Arafat Jaradat was arrested on 18 February on suspicion of throwing rocks and Molotov cocktails at settlers and was transferred to al-Jalameh prison where he confessed to throwing stones but denied any involvement with firebombs. On 21 February, his lawyer, Mr. Kamil Sabbagh, reported that Arafat was suffering from severe pain in his back and appeared to be psychologically and physically weak after three days under interrogation. According to Mr. Sabbagh, Arafat also expressed strong fear at the prospect of returning to interrogation when his detention order was extended by 12 days. After a request from Mr. Sabbagh, the Israeli military judge ordered that a full physical and psychological examination of Arafat be carried out, the results of which were to be presented to the Israeli Security Agency (ISA) and the court. It is unclear if this medical examination ever took place. If it did, the results of the exam should be disclosed. If it did not, the Israeli authorities must explain why this order was not complied with.
The absolute prohibition against torture is a peremptory norm of international law and “has now become one of the most fundamental standards of the international community”. Since 2001, there have been more than 750 complaints of torture and ill-treatment against the ISA. Not one complaint has resulted in a criminal investigation. Indeed, given that all complaints are reviewed by the Inspector of Interrogee Complaints, who is himself an ISA agent, it is a process that guarantees the absence of credible and impartial investigations. The fact that the Israeli Attorney General has ratified each recommendation not to investigate is further evidence of the institutional impunity which shields the ISA and those who commit torture in Israeli prisons.
Article 12 of UN Convention Against Torture, of which Israel is a State Party, obliges States to perform prompt and impartial investigations in all alleged incidents of torture. Torture is also considered a grave breach of the Fourth Geneva Convention and is further listed as both a crime against humanity and a war crime under the Rome Statute of the International Criminal Court. In addition, torture has permissive universal jurisdiction according to customary international law, which allows any State to prosecute those accused of torture, regardless of their nationality.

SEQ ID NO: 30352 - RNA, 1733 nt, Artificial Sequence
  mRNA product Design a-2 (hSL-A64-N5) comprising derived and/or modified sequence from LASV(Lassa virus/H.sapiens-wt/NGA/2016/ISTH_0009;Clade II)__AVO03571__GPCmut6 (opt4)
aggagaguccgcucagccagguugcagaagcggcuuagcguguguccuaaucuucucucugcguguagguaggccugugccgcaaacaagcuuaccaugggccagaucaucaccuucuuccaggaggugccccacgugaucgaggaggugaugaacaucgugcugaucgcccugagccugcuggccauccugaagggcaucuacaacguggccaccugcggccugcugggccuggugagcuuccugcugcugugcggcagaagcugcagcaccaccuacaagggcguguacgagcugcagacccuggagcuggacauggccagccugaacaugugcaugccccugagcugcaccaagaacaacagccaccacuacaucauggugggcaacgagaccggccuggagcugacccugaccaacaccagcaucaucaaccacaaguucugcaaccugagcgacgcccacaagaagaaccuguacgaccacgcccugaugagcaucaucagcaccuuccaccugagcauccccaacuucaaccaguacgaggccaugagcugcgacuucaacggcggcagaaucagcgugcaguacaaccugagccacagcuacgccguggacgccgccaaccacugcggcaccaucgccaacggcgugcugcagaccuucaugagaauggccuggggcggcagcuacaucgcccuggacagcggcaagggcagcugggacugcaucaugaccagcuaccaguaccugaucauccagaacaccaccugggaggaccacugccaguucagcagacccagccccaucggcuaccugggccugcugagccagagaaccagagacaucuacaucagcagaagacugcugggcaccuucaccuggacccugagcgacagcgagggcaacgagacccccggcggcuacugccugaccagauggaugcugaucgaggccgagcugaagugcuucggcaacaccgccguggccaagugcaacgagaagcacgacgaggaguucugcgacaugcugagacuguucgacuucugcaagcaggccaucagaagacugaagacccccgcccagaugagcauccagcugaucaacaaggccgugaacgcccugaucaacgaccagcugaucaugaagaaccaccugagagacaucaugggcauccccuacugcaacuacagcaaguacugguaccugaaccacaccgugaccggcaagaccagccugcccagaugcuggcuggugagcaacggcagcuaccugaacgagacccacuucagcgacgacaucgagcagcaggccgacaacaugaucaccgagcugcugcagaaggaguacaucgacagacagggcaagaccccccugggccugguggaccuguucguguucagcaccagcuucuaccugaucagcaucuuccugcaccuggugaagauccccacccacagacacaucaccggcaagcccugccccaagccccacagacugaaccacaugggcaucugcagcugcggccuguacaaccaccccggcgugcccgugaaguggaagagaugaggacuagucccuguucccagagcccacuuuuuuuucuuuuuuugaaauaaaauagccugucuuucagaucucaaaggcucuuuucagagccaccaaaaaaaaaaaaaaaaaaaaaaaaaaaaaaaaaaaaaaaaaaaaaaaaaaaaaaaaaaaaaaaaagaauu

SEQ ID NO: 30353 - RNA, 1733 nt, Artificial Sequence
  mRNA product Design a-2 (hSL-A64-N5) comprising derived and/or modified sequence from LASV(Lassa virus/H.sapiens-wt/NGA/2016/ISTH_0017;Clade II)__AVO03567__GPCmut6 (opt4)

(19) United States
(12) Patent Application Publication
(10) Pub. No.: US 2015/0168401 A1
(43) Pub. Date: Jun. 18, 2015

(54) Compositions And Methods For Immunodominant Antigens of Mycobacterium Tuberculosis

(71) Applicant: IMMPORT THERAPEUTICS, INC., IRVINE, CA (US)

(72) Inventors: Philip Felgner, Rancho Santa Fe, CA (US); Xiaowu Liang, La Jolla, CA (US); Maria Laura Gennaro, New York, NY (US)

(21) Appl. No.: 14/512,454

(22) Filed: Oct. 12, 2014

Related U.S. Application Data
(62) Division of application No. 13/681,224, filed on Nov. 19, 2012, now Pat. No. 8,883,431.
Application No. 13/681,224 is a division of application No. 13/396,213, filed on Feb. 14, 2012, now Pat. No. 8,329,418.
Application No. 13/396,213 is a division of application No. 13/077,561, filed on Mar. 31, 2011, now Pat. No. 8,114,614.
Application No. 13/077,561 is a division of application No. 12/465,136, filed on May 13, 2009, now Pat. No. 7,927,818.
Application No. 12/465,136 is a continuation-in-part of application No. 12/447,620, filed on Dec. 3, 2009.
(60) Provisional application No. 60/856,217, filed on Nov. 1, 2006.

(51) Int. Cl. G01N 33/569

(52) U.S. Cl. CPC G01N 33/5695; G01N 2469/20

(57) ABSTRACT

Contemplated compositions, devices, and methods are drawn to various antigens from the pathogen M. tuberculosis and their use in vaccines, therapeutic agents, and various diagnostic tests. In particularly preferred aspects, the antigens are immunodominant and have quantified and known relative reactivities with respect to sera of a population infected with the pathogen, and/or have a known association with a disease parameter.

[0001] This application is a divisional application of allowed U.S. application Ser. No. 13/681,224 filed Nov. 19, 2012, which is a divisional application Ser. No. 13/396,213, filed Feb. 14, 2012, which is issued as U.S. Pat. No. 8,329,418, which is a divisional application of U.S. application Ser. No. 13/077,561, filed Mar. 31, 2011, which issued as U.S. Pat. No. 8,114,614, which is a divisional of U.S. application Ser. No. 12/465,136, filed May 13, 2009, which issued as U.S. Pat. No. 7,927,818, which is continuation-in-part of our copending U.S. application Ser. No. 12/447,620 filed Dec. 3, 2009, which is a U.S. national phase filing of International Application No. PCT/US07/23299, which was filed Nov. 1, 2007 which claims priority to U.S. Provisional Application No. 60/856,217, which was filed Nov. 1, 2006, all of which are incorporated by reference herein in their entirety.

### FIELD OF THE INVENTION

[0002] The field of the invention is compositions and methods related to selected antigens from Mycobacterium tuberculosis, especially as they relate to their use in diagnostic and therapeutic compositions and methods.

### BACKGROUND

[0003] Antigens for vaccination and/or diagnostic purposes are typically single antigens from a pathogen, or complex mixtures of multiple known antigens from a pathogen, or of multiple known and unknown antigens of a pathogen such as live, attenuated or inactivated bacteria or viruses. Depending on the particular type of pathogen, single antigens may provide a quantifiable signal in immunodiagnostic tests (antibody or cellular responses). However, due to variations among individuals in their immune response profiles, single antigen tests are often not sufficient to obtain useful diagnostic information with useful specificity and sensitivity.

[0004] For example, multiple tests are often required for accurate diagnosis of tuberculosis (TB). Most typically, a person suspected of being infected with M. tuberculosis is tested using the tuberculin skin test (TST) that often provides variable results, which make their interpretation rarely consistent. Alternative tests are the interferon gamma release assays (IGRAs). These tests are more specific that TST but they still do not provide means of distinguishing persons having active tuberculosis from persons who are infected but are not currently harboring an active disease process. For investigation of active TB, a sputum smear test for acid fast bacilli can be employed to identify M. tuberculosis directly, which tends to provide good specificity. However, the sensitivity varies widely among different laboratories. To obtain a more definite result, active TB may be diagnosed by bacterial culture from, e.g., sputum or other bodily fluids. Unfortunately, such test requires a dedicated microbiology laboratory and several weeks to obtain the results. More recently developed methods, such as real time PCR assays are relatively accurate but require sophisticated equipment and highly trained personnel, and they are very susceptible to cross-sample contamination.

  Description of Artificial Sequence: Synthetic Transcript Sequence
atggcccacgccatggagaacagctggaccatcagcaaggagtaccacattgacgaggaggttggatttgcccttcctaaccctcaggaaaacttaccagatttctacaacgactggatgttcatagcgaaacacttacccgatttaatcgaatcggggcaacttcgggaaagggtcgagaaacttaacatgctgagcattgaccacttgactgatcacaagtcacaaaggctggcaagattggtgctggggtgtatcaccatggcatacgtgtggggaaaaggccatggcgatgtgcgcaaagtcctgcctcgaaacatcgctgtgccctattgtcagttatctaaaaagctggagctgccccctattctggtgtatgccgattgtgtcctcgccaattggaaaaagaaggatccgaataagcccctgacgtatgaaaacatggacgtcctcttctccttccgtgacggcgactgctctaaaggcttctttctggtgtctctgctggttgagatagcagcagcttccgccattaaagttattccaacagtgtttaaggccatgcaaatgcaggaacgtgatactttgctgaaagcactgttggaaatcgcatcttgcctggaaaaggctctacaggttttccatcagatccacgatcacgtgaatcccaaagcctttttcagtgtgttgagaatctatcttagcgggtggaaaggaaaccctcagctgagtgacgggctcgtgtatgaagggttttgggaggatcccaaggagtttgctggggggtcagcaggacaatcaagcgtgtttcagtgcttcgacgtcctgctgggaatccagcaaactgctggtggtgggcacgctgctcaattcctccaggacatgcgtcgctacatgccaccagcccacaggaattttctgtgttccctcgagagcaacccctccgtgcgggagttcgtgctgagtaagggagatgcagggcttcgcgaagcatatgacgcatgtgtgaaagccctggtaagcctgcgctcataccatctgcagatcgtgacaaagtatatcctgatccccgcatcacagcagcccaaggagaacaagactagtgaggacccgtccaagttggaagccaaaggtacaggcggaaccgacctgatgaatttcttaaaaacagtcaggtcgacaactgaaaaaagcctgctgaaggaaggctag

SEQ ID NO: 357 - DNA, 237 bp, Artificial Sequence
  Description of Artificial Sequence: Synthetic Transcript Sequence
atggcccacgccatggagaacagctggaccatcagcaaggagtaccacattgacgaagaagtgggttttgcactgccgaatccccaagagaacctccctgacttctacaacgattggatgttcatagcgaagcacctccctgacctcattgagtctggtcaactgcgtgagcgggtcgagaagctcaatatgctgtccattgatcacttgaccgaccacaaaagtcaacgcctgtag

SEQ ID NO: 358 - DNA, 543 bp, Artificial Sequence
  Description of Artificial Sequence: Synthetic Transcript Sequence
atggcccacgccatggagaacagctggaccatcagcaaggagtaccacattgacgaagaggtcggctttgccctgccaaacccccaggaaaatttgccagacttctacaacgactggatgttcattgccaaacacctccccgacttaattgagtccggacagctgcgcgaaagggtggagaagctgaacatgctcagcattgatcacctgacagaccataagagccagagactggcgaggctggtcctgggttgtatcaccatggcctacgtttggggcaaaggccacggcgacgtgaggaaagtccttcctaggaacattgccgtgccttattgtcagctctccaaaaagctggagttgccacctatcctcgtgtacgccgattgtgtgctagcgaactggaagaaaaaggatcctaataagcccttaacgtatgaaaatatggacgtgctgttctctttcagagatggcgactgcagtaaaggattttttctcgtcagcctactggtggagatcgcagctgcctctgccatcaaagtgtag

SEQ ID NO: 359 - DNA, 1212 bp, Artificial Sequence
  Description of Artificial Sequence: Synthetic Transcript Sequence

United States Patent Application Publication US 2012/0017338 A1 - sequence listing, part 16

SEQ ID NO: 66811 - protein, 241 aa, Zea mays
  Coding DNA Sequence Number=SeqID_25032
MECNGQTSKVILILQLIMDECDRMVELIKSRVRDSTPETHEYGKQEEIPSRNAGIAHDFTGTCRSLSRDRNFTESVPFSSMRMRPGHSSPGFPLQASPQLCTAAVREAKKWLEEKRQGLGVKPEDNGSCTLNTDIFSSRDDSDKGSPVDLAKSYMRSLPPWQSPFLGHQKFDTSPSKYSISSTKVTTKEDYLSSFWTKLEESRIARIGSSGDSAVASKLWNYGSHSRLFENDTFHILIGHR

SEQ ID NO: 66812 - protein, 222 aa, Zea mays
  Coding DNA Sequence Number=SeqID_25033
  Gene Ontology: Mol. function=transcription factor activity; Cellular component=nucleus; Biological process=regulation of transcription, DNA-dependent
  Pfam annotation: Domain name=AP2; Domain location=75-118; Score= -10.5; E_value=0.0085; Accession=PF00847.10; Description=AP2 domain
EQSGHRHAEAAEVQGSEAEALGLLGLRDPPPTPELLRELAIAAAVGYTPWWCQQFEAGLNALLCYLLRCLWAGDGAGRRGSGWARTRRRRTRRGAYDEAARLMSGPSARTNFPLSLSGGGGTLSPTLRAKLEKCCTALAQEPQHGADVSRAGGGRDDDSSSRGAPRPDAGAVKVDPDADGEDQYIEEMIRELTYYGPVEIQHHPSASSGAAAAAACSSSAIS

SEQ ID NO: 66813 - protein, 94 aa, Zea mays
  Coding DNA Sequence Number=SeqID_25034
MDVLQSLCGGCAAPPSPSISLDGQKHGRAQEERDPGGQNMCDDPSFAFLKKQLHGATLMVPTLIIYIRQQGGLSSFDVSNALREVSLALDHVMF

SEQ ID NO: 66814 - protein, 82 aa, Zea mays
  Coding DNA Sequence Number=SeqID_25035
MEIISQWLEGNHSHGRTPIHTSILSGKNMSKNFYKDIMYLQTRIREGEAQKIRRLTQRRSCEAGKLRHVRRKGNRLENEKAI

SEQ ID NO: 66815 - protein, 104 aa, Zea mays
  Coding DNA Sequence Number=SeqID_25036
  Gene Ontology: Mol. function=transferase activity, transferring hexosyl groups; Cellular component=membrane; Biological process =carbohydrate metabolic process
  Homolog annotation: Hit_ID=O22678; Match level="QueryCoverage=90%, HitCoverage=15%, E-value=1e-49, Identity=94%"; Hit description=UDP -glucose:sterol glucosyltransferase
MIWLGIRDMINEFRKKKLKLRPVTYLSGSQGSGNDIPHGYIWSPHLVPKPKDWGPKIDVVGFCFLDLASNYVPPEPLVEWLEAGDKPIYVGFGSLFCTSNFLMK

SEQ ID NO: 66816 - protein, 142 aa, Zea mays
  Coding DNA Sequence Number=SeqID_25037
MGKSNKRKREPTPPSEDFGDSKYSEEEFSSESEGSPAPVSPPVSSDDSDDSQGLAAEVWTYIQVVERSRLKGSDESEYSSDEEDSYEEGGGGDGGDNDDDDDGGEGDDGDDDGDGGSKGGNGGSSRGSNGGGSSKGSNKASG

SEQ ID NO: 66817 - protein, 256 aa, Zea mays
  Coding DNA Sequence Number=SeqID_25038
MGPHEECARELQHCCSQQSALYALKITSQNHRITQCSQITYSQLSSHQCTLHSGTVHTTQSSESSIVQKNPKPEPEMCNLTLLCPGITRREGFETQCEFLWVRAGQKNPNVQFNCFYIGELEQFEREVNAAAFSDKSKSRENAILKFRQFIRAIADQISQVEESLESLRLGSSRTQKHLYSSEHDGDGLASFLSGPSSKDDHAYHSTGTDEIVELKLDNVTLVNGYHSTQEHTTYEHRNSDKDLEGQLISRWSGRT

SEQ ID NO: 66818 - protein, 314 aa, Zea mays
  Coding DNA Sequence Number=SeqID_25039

However, in 1999, the Israeli High Court of Justice ruling in the Public Committee Against Torture in Israel v The State of Israel contributed significantly to the current climate of impunity, shielding those who commit torture. While the Court affirmed that the practice of torture was prohibited, it also held that such prohibition would not apply in cases of “necessity”, leaving room for the use of extreme measures in arbitrarily-defined situations, in blatant contradiction to the jus cogens status of the absolute prohibition of torture. The ruling effectively allowed for the continuing use of torture by affirming that an Israeli official charged with torture would not be criminally liable by virtue of the “necessity defence”, which can legitimise the use of “physical pressure” in certain circumstances.